Justia U.S. 7th Circuit Court of Appeals Opinion Summaries

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Scholz was honorably discharged following her 2006-2008 Army tour of duty in Iraq but the mental and physical toll of her service continued. Scholz required a range of medical treatments. Scholz sought two courses of inpatient mental health treatment at the Tomah VA Medical Center in 2011. Later, while receiving outpatient mental health treatment through the Tomah VAMC, she consulted surgeons at the Zablocki VA Medical Center about elective breast reduction surgery. An unrelated psychological assessment performed at Zablocki VAMC raised concerns about Scholz’s mental health. Zablocki VAMC surgeons performed elective breast reduction surgery in 2012, igniting multiple complications. Scholz continued to receive outpatient mental health treatment, including prescription medications, from various VA providers through late 2018.Scholz has two lawsuits pending against the government under the Federal Tort Claims Act (FTCA), 28 U.S.C. 1346(b), 2671–2680. The government argued that the second suit on the same, or essentially the same, operative facts, was precluded on claim-splitting grounds. The Seventh Circuit affirmed the dismissal of the suit. Scholz’s theory amounts to “arbitrarily splitting the treatment timeline.” In both suits, she mentions her treatment for mental health issues, her breast reduction surgery, the unsafe prescribing of medications, and improper record handling. Both suits arise out of Scholz’s treatment at various VA locations in 2011-2018 and mention the same alleged incidents. View "Scholz v. United States" on Justia Law

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Owens was charged with the distribution and possession of child pornography, 18 U.S.C. 2252(a)(2)l after a government investigator used a confidential software program, Torrential Downpour Receptor (TDR), to download a video file containing child pornography from a folder shared via the BitTorrent network at an IP address later associated with Owens. A forensic search of Owens’s computer when he was arrested failed to locate the file on his computer. Owens unsuccessfully moved, under FRCP 16, to compel the production of information relating to the government’s download of the file.The Seventh Circuit affirmed the denial of the motion. Owens suffered no prejudice from the denial. The government presented evidence that undermined Owens’s proffered “false positive” theory, which the district court was entitled to credit. The court did not clearly err when it accepted testimony that the torrent relating to the target file had been opened in Owens’s BitComet application while the investigation was occurring, and evidence that a file with the same filename as the illicit video was present in Owens’s “most recently used” folder. This testimony was based on forensic analysis of Owens’s computer, which the government produced to the defense. Owens cannot demonstrate that access to TDR would “substantially alter the quantum of proof in his favor. View "United States v. Owens" on Justia Law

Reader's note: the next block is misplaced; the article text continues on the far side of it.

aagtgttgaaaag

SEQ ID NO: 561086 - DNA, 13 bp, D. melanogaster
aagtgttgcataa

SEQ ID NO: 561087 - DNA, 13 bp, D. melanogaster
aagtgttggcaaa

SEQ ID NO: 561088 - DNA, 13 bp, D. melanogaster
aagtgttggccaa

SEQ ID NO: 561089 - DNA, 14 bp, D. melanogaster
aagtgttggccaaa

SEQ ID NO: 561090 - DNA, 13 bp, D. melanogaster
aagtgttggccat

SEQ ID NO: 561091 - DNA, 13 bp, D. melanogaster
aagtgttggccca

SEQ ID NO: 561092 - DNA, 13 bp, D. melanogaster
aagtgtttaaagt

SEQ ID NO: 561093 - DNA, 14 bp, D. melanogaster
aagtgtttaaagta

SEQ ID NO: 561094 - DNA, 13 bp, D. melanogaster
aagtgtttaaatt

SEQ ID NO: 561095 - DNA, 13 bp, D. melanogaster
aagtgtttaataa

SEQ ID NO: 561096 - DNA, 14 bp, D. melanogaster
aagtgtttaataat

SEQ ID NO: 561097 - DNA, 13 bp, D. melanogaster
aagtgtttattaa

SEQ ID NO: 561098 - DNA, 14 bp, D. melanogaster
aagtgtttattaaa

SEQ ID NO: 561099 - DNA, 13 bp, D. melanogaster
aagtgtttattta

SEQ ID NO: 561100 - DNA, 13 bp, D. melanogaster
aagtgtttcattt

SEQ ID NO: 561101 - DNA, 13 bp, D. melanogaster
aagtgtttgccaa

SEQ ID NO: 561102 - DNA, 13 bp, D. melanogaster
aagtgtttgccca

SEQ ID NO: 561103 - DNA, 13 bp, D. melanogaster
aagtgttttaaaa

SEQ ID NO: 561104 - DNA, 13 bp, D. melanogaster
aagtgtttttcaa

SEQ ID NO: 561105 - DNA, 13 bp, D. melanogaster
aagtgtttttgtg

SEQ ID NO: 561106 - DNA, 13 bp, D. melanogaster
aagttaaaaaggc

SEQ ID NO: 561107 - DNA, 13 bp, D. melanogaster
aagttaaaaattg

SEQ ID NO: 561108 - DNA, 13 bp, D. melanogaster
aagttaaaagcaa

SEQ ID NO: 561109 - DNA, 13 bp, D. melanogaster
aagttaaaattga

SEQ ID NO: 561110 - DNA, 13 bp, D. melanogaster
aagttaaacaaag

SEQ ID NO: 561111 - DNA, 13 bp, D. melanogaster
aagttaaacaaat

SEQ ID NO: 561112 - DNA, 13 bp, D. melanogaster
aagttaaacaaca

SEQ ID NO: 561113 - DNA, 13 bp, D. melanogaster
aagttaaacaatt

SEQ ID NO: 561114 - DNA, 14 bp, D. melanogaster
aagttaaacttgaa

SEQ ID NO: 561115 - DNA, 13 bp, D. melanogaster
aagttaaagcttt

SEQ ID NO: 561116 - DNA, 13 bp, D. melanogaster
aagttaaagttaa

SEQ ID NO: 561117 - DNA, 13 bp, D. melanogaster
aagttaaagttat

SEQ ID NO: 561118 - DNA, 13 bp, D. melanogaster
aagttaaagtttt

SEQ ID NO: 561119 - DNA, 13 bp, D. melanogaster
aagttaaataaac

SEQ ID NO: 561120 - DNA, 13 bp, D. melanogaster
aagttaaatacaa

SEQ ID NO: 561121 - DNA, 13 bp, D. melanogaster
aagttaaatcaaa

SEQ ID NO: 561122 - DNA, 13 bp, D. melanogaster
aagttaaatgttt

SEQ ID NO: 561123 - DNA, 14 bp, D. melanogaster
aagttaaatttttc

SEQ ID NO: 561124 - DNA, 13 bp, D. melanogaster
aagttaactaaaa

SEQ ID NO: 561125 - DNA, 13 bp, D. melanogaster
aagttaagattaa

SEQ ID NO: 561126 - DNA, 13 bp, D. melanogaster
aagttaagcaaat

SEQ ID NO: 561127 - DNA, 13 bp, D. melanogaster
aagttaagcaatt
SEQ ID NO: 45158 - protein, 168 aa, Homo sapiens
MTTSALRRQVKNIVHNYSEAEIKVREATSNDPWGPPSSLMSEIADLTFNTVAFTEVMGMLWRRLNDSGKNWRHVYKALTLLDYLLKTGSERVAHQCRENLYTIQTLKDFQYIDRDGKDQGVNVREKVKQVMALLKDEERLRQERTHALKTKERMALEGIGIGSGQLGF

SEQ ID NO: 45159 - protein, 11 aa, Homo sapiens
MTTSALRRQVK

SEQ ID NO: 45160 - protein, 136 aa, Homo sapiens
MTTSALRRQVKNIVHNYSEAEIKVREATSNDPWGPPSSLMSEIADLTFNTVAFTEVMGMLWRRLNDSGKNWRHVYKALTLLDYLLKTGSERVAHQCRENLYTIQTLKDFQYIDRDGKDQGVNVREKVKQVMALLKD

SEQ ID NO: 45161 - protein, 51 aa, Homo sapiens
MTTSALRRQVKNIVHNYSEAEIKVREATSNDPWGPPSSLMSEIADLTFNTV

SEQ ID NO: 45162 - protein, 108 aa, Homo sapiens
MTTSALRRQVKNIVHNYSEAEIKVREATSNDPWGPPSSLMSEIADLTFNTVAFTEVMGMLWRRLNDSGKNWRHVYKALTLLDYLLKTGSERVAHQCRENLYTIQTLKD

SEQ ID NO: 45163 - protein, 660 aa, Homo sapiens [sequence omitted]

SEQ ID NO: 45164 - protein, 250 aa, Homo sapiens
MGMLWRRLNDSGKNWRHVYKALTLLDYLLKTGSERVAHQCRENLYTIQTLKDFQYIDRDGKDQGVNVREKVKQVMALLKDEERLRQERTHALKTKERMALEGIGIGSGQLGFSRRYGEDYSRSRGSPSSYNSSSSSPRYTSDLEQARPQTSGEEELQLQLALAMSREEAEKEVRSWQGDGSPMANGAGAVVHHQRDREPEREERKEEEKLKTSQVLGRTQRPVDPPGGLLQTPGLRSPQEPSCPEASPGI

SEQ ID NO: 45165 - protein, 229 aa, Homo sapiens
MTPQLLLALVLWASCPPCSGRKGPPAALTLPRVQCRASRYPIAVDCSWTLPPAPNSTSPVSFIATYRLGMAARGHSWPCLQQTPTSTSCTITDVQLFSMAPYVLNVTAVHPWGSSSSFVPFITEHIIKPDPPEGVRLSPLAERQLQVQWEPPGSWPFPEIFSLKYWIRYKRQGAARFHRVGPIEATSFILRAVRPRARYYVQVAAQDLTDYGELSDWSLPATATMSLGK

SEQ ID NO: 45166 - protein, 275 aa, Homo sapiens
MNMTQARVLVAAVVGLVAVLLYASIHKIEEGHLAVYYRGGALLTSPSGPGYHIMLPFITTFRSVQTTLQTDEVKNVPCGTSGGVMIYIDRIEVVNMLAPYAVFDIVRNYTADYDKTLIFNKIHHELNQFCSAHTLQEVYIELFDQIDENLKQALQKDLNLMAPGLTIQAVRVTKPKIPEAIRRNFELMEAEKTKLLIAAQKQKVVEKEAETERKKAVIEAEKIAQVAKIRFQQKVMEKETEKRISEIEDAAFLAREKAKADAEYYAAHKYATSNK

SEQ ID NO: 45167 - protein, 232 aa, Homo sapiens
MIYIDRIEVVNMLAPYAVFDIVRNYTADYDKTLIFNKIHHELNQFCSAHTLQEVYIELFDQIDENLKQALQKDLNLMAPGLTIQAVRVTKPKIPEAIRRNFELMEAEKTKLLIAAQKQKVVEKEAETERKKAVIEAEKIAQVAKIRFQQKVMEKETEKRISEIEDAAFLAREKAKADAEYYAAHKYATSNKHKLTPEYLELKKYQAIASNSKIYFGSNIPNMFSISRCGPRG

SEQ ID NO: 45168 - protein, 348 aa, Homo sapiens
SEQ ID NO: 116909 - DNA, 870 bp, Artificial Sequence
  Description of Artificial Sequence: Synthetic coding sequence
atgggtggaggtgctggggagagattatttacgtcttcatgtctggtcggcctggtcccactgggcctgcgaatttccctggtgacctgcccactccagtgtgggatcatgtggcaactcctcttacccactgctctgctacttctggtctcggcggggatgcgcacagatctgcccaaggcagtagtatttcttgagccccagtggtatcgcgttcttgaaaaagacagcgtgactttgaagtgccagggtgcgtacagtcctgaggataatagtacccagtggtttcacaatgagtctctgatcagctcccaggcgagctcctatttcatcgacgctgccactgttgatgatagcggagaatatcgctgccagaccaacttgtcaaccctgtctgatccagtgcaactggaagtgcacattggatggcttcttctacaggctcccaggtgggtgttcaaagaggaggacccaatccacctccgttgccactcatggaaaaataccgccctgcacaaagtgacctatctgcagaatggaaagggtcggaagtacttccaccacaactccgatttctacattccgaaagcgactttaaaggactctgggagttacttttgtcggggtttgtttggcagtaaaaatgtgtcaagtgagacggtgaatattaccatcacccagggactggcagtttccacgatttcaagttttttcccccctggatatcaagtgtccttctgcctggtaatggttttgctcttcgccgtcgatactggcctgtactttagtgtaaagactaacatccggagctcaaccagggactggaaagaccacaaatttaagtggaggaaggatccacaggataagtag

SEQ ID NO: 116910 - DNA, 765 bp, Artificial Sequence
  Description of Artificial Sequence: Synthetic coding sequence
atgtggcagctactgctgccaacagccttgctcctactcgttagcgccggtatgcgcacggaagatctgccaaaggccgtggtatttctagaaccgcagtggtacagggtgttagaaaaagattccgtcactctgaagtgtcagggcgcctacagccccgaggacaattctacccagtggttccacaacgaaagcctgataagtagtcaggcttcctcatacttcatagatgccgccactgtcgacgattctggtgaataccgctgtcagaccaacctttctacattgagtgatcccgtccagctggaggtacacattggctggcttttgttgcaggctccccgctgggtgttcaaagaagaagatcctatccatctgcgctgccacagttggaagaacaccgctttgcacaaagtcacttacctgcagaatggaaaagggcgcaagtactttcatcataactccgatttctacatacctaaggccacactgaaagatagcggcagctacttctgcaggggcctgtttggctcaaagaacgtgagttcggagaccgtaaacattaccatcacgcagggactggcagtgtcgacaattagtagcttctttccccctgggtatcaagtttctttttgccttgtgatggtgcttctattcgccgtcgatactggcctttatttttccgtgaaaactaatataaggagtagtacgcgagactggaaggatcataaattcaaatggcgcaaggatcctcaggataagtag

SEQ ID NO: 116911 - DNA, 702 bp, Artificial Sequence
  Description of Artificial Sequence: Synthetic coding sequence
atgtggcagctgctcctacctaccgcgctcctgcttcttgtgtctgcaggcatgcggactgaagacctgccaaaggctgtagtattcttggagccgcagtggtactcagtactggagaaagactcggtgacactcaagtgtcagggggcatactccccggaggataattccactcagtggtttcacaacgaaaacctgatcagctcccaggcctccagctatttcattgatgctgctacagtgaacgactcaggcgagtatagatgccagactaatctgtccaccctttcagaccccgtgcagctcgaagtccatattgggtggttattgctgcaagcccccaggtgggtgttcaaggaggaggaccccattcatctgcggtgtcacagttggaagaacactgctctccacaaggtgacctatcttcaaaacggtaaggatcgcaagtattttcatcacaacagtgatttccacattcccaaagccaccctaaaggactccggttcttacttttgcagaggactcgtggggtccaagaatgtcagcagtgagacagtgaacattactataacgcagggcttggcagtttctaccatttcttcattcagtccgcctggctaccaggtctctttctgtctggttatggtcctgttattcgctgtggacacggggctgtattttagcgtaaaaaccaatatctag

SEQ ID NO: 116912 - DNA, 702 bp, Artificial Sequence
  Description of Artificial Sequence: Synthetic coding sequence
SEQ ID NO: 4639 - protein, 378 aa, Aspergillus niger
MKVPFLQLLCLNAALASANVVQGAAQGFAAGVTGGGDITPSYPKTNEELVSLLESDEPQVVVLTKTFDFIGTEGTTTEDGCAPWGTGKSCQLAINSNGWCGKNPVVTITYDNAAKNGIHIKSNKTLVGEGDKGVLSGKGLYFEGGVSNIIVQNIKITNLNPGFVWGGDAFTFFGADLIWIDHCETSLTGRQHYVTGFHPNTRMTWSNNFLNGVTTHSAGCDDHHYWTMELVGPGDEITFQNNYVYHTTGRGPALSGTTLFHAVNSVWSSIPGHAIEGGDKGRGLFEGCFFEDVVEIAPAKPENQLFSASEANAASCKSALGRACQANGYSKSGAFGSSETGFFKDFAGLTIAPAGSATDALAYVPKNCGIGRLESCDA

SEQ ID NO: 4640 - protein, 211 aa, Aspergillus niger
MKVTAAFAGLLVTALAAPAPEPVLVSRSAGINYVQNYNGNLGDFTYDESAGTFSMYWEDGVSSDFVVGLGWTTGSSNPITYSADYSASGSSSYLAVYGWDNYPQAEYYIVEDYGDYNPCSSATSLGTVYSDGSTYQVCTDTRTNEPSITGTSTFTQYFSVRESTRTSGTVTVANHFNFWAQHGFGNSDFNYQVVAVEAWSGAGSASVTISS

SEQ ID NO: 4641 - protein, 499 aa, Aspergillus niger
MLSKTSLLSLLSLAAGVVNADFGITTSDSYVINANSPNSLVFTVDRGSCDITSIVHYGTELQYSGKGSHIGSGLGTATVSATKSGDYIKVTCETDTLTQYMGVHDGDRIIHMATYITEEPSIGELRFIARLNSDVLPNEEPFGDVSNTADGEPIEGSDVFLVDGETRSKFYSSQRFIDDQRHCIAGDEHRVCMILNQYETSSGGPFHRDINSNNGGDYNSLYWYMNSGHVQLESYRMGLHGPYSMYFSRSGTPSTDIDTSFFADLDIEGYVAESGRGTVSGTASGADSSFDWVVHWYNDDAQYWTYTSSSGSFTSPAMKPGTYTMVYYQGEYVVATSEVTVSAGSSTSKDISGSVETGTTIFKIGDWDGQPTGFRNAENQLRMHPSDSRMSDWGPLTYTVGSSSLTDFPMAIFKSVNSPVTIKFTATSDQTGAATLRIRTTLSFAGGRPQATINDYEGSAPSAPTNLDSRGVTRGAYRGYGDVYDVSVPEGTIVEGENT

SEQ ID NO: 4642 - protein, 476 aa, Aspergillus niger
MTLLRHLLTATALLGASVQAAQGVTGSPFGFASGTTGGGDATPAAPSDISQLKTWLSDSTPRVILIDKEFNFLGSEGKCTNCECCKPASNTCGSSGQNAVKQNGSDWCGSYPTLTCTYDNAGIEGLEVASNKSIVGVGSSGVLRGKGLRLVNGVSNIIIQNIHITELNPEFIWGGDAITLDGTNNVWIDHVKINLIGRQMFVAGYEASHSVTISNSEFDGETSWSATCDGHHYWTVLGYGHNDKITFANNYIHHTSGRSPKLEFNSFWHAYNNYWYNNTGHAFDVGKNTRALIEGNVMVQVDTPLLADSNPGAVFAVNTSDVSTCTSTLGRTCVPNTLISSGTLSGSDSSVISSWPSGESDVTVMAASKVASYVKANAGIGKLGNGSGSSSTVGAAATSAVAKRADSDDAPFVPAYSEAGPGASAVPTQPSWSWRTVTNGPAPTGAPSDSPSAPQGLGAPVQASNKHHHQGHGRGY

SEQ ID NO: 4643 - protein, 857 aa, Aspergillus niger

Posted in: Criminal Law
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Yang pleaded guilty to possession of methamphetamine with intent to distribute, 21 U.S.C. 841(a)(1). Before his sentencing hearing, Yang objected to the inclusion of one ounce of methamphetamine in the drug-quantity calculation listed in the PSR. The prosecutor cited an audio file of a recorded phone call between Yang and a co-conspirator that supported the PSR’s inclusion of the one ounce of methamphetamine in the drug-quantity calculation. Yang and his counsel acknowledged that they had listened to the recording before sentencing. The court overruled Yang’s objection and sentenced Yang to 30 months’ imprisonment, 21 months below the bottom of the applicable guidelines range.The Seventh Circuit affirmed, rejecting Yang’s argument that the district court committed reversible error because it considered an audio file at sentencing that was not publicly available on the court’s electronic docket. District courts routinely review evidence at sentencing that is not publicly available on the court’s docket. The federal judiciary’s case management-electronic case filing system does not support the submission of audio files; like other exhibits not available electronically on the system, audio files are maintained by the district court, which transmits those files to the court of appeals if requested. That happened here. View "United States v. Yang" on Justia Law

Posted in: Criminal Law